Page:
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  • Ruby Sass Has Reached End-Of-Life

    Posted 4 April 2019 by Natalie Weizenbaum

    One year has passed since we announced the deprecation of Ruby Sass, and it has now officially reached its end-of-life. We will release one final version of the Ruby Sass gem that will print a warning indicating that it’s no longer receiving updates, and then archive the GitHub repository.

    A woman saying "Goodbye, my friend"

    We will then merge the sass/language repo into the sass/sass repo. This means that anyone still depending on Ruby Sass from will break. Going forward, the sass/sass repo will be the location for working on the language specs, and will not contain any code. The sass/language repo will just include links pointing to sass/sass.

    Migrating AwayMigrating Away permalink

    If you haven’t migrated away from Ruby Sass yet, now is the time. The best way to do that depends on how you use Ruby Sass today.

    If you use Ruby Sass as a command-line tool, the easiest way to migrate is to install Dart Sass as a command-line tool. It supports a similar interface to Ruby Sass, and…

  • Request For Comments: Module System

    Posted 27 November 2018 by Natalie Weizenbaum

    Many of the most frequently-requested features for Sass have to do with its imports. The import system that we’ve had since the very early releases of Sass is, to put it simply, not great. It does little more than textually include one Sass file in another, which makes it hard to keep track of where mixins, functions, and variables were defined and hard to be sure that any new additions won’t happen to conflict with something elsewhere in the project. To make matters worse, it overlaps with CSS’s built-in @import rule, which forces us to have a bunch of heuristics to decide which is which.

    Because of these problems and others, we’ve wanted to do a full overhaul of the way Sass files relate to one another for a long time. Over the last few years, I’ve been working with the Sass core team and Sass framework maintainers to create a proposal for a module system that’s fit to replace @import. That proposal is now in a place that…

  • Feature Watch: Content Arguments and Color Functions

    Posted 14 November 2018 by Natalie Weizenbaum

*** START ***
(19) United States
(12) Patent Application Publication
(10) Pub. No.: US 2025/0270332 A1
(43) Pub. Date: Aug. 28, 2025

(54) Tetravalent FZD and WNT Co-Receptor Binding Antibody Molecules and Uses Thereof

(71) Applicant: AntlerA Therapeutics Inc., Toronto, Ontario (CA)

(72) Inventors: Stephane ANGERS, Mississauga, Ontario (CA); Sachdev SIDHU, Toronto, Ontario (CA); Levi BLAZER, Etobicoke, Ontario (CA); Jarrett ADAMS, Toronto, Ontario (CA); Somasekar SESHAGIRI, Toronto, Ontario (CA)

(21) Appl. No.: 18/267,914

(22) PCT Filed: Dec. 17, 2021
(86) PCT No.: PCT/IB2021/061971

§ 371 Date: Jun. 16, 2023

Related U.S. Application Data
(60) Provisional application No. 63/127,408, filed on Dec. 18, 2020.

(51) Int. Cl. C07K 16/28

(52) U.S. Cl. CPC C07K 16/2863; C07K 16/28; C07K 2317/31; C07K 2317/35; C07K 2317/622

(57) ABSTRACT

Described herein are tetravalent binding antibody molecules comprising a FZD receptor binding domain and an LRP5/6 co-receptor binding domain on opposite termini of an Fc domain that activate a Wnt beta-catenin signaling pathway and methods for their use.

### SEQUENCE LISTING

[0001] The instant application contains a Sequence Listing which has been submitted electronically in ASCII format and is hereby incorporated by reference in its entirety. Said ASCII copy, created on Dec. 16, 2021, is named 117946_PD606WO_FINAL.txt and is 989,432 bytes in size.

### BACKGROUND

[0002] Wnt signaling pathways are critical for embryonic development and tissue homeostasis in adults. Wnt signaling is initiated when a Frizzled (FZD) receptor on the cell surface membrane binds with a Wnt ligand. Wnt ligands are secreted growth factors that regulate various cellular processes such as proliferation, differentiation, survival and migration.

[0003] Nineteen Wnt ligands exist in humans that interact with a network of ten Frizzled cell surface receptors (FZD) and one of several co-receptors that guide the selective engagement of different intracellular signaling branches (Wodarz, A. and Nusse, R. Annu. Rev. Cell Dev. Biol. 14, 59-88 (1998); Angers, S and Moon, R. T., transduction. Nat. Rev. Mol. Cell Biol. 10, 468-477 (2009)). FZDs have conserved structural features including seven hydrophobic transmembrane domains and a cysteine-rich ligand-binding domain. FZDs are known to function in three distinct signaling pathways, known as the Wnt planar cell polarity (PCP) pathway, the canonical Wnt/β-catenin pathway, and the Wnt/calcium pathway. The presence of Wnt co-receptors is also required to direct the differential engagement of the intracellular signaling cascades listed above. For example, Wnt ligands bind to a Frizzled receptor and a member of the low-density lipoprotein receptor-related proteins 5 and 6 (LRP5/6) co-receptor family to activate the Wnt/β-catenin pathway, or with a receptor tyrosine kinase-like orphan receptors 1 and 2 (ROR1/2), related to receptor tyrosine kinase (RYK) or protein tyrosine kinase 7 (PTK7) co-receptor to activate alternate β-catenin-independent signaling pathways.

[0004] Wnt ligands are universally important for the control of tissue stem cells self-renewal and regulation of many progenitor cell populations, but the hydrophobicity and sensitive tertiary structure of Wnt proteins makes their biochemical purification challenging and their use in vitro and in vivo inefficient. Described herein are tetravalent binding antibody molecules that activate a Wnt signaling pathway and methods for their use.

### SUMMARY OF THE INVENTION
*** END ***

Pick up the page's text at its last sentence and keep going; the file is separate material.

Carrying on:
Dart Sass 1.15, released today and available on npm and all other distribution channels, brings with it a number of highly-anticipated new Sass features. This is also the first release of Dart Sass with major new language features that aren’t just for CSS compatibility. That’s a big accomplishment, and we intend to continue that pattern moving forward!

    @content Arguments@content Arguments permalink

    Mixins that take @content blocks can now pass arguments to those blocks. This is written @content(<arguments...>). If a mixin passes arguments to its content block, users of that mixin must accept those arguments by writing @include <name> using (<arguments...>). The argument list for a content block works just like a mixin’s argument list, and the arguments passed to it by @content work just like passing arguments to a mixin.

    // style.scss
    @mixin media($types...) {
      @each $type in $types {
        @media #{$type} {
    @include media(screen, print) using ($type)...
  • Feature Watch: CSS Imports and CSS Compatibility

    Posted 13 August 2018 by Natalie Weizenbaum

    Dart Sass 1.11 has just been released, and with it a handful of new features. This is an exciting moment, because it marks the first major new feature that’s been added to the language since Dart Sass was launched. It’s also the first release with features that have gone through the new process, from proposal to tests to implementation.

    CSS ImportsCSS Imports permalink

    The biggest feature in Dart Sass 1.11 is support for importing plain CSS files. This is a long-awaited feature, and while we’d initially planned on waiting on it until we launched the upcoming module system, we ended up deciding to implement it earlier.

    You can now import a CSS file, say styles.css, just by writing @import "styles". That file will be parsed as plain CSS, which means that any Sass features like variables or mixins or interpolation will be disallowed. The CSS it defines will become part of your stylesheet, and can be @extended just like any other styles.

    There are…

  • Request For Comments: Importing CSS Files

    Posted 9 July 2018 by Natalie Weizenbaum

    As Dart Sass catches up with Ruby Sass in terms of usability, we’re starting work on adding new features to the language. The first feature we’re looking at is one that’s long been requested by users: adding support for importing plain CSS files without having to rename them to .scss. Not only do we expect this to be very useful, it’s already partially implemented in LibSass, so this will help bring the implementations more in line with one another.

    We’re also trying out a new process with this feature. In order to help keep the behavior of different implementations in sync, we’re starting with a prose specification of the feature before moving on to writing code. We’re also taking this as an opportunity to solicit feedback from you, the Sass community! We want to hear your thoughts on the new feature while we have a chance to revise it based on that feedback.

    BackgroundBackground permalink

    Historically, the reference implementations of Sass—first Ruby Sass, then Dart Sass—only supported importing…

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